1. ## tom and jerry

There is a group of 10 people. We will seperate this group into 5-person groups but we don't want Tom AND Jerry to be in the same group. How many ways are there?

My work
without limitation:
C(9,1)C(7,1)C(5,1)C(4,1)

If we exclude Tom AND Jerry,there are 8 persons.

C(8,4)C(2,1) is my way but book says 240

2. ## Re: tom and jerry

Are the group's numbered? Because if not, there are $\dbinom{10}{5}$ ways to distribute 10 people into two distinguishable groups of five. Suppose a group has both Tom and Jerry in it. There are $\dbinom{8}{3}$ ways to fill the group with 3 more people. But Tom and Jerry could be together in either group. So, there are 2x as many ways that could happen. I get $252-112=140$, which is the same answer as you.

3. ## Re: tom and jerry

Why did you multiplied by 2?

Because there are 2 groups?

4. ## Re: tom and jerry

Correct. If the groups are distinguishable, the two could be together in the first group or the second.

5. ## Re: tom and jerry

Note: If the groups are indistinguishable, then this changes the problem significantly. There are $\dfrac{1}{2}\dbinom{10}{5} = 126$ ways to distribute 10 people into two indistinguishable groups of 5. Then, to ensure that Tom and Jerry are not in the same group, there are $\dbinom{8}{3}$ ways to choose three more people to be in a group with Tom and Jerry (and the other group has the remaining 5 people). Since we did not say which group Tom and Jerry are in, we do not need to divide by 2.

So, there are $126-56 = 70 = \dfrac{1}{2}\dbinom{8}{4}\dbinom{2}{1}$ ways to distribute 10 people into two indistinguishable groups of 5 with Tom and Jerry in separate groups.

Many Thanks

7. ## Re: tom and jerry

Originally Posted by kastamonu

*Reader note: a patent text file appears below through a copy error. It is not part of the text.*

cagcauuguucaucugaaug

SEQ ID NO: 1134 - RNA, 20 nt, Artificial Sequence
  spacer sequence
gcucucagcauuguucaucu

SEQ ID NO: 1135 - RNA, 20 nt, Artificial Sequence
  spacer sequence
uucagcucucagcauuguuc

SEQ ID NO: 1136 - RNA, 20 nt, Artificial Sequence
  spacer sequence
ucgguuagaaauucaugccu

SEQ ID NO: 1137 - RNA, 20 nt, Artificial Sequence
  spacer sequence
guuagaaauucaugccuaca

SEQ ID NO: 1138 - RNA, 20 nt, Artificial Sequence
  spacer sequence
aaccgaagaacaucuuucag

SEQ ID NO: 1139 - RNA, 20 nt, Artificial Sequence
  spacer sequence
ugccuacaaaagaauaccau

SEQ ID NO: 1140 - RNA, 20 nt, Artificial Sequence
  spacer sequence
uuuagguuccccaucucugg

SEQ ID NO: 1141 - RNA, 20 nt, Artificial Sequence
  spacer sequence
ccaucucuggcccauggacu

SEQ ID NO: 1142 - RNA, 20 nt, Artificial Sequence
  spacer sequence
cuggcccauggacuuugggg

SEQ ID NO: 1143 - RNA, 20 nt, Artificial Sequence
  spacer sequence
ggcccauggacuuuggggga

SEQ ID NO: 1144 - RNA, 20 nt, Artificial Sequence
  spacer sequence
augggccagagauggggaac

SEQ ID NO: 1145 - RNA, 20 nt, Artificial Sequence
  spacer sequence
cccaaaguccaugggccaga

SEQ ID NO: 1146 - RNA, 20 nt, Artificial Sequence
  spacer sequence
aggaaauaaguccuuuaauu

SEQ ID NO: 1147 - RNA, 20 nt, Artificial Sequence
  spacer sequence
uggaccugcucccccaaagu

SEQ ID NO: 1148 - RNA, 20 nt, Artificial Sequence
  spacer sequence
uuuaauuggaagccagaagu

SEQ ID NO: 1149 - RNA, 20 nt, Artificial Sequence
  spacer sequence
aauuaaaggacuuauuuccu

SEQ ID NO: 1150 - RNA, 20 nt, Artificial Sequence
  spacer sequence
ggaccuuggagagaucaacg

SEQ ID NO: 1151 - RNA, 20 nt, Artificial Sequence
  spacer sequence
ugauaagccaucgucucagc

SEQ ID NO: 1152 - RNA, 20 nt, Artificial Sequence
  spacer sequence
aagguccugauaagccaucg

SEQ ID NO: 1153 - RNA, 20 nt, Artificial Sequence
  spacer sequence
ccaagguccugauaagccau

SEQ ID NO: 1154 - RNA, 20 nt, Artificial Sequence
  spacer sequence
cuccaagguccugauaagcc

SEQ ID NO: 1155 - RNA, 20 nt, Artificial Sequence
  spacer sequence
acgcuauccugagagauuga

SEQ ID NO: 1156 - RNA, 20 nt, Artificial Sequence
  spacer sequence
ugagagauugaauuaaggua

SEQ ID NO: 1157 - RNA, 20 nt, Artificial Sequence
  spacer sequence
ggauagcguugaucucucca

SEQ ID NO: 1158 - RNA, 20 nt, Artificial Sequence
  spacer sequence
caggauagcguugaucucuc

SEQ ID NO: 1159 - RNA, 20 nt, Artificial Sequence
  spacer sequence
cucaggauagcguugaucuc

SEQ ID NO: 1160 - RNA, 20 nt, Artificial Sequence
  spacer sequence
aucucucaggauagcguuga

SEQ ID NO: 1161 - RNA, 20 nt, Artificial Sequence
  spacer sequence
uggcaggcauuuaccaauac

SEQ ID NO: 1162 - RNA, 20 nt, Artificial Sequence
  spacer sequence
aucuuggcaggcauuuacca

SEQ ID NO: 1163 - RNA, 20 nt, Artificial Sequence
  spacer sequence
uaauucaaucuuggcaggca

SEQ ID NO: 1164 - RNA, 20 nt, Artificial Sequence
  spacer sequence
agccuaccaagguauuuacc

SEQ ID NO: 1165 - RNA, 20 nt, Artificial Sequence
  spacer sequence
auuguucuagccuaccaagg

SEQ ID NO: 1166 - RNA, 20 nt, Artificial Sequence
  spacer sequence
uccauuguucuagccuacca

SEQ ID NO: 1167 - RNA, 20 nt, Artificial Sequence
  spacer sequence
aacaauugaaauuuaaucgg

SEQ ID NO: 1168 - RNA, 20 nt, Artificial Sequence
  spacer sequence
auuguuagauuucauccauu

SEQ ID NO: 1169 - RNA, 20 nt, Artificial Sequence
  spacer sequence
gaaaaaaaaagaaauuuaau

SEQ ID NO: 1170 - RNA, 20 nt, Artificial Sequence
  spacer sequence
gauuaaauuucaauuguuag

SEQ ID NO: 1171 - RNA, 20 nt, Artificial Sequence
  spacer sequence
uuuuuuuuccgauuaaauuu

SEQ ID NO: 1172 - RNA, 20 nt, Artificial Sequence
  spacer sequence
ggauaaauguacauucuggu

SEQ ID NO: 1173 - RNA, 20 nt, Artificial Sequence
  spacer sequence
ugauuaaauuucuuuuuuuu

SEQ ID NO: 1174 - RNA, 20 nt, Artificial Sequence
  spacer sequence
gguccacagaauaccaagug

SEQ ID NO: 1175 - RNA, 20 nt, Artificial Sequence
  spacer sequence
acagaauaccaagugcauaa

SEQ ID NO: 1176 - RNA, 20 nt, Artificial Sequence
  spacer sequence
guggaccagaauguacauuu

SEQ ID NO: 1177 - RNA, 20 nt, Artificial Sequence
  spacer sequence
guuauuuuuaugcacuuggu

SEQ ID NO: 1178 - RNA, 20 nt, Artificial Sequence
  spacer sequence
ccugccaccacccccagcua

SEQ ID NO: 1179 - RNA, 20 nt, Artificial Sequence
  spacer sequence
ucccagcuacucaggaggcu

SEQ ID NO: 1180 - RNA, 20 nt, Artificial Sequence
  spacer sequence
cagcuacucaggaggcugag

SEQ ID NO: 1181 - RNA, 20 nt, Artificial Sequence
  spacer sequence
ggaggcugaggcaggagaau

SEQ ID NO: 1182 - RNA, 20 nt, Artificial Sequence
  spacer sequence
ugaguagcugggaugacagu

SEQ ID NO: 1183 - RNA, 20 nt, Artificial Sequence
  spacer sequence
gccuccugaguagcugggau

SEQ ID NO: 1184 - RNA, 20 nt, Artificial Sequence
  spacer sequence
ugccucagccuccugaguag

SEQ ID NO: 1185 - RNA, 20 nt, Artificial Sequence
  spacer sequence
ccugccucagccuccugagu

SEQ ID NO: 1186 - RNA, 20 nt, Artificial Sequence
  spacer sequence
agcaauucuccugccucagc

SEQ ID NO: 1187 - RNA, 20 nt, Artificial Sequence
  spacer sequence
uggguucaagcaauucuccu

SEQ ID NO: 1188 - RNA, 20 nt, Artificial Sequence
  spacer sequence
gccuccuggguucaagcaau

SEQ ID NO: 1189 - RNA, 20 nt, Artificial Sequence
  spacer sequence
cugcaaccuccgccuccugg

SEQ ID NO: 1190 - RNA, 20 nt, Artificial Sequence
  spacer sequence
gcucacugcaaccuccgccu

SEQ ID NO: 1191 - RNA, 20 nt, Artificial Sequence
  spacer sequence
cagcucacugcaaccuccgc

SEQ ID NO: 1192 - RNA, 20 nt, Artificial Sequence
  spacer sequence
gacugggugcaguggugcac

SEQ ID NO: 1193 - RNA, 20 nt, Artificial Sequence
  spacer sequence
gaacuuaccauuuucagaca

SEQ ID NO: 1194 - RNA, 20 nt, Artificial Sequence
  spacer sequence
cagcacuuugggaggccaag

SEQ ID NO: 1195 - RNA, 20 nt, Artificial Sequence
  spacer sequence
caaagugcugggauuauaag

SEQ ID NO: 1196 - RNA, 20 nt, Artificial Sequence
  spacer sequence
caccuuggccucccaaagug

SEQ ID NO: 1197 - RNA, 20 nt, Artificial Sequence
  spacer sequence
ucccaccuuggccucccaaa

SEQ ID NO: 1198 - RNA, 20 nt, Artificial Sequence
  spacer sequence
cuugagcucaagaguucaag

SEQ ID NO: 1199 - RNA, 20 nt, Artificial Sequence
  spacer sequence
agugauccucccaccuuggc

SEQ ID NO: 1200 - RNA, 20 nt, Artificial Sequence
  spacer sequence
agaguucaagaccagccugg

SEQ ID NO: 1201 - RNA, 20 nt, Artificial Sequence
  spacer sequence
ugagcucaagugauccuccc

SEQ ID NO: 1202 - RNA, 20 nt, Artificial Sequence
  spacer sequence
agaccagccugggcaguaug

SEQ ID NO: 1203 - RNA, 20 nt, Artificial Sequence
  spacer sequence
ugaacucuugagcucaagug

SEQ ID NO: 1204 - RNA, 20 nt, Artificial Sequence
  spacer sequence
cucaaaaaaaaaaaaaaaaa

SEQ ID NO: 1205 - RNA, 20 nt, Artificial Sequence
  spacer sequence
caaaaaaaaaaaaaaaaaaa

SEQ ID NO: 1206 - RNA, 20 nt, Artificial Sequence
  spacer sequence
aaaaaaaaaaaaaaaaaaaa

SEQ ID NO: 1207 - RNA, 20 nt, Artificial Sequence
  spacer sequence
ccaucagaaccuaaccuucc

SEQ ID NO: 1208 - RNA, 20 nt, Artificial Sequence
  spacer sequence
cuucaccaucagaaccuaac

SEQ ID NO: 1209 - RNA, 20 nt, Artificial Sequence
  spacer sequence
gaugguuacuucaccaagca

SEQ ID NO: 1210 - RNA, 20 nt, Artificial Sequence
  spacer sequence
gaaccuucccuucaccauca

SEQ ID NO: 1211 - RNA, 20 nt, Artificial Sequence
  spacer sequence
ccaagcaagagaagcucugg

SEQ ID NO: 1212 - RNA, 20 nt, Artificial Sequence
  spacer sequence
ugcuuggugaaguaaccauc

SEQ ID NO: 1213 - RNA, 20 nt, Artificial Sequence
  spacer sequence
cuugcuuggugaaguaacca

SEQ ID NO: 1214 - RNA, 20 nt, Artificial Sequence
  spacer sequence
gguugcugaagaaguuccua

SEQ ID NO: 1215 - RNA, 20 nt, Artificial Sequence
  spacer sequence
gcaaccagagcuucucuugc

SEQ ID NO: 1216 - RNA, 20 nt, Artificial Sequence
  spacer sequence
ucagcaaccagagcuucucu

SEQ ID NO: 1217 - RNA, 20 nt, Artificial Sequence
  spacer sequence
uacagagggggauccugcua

There is a group of 10 people. We will seperate this group into 5-person groups but we don't want Tom AND Jerry to be in the same group. How many ways are there?
This maybe beating a dead horse?
The groupings are distinct: one contains Tom & the other Jerry.
The answer is $\dbinom{8}{4}=70$ HERE
Choose four other than Jerry to go with Tom, the remainder form Jerry's group.

Many Thanks.

9. ## Re: tom and jerry

Originally Posted by kastamonu
There is a group of 10 people. We will seperate this group into 5-person groups but we don't want Tom AND Jerry to be in the same group. How many ways are there?
P.S.
This type of question fall into the category known as unordered partitions.

Say that $N$ is a multiple of $k$ i.e. $N=j\cdot k$. So a collection of $N$ distinct objects can be grouped into $j$ groups of $k$ each.
This is called because the groups are indistinguishable. This can be done in $\dfrac{N!}{(k!)^j(j!)}$ ways.
I have found that this is a difficult concepts to get across to even graduate students.

For example: How many ways can a class of twenty be arranged into four groups of five each?
If that formula is correct then $\dfrac{20!}{(5!)^4(4!}=488864376$ See HERE.

I once heard this another approach given is a talk. I did not believe it at first.
Select anyone in the class. Choose four more from the nineteen left. The select anyone not chosen then choose four more to go with her/him. Repeat one more time and then we will have our four groups.
$\dbinom{19}{4}\cdot \dbinom{14}{4}\cdot\dbinom{9}{4}\cdot\dbinom{4}{4}$
If like me you do not see it look HERE

10. ## Re: tom and jerry

I don't know any of these formulas. Maybe they show them in Engineering Faculties. But there may be a logical way of solving combination problems without formulas.

11. ## Re: tom and jerry

Let's suppose that we don't have any experience. We don't know any formula. And this problem is before us. How should you have solved that?

12. ## Re: tom and jerry

Originally Posted by kastamonu
Let's suppose that we don't have any experience. We don't know any formula. And this problem is before us. How should you have solved that?
Plato said it is difficult to understand where that formula comes from. We would not be able to explain it in this forum. That is something that would require classroom instruction.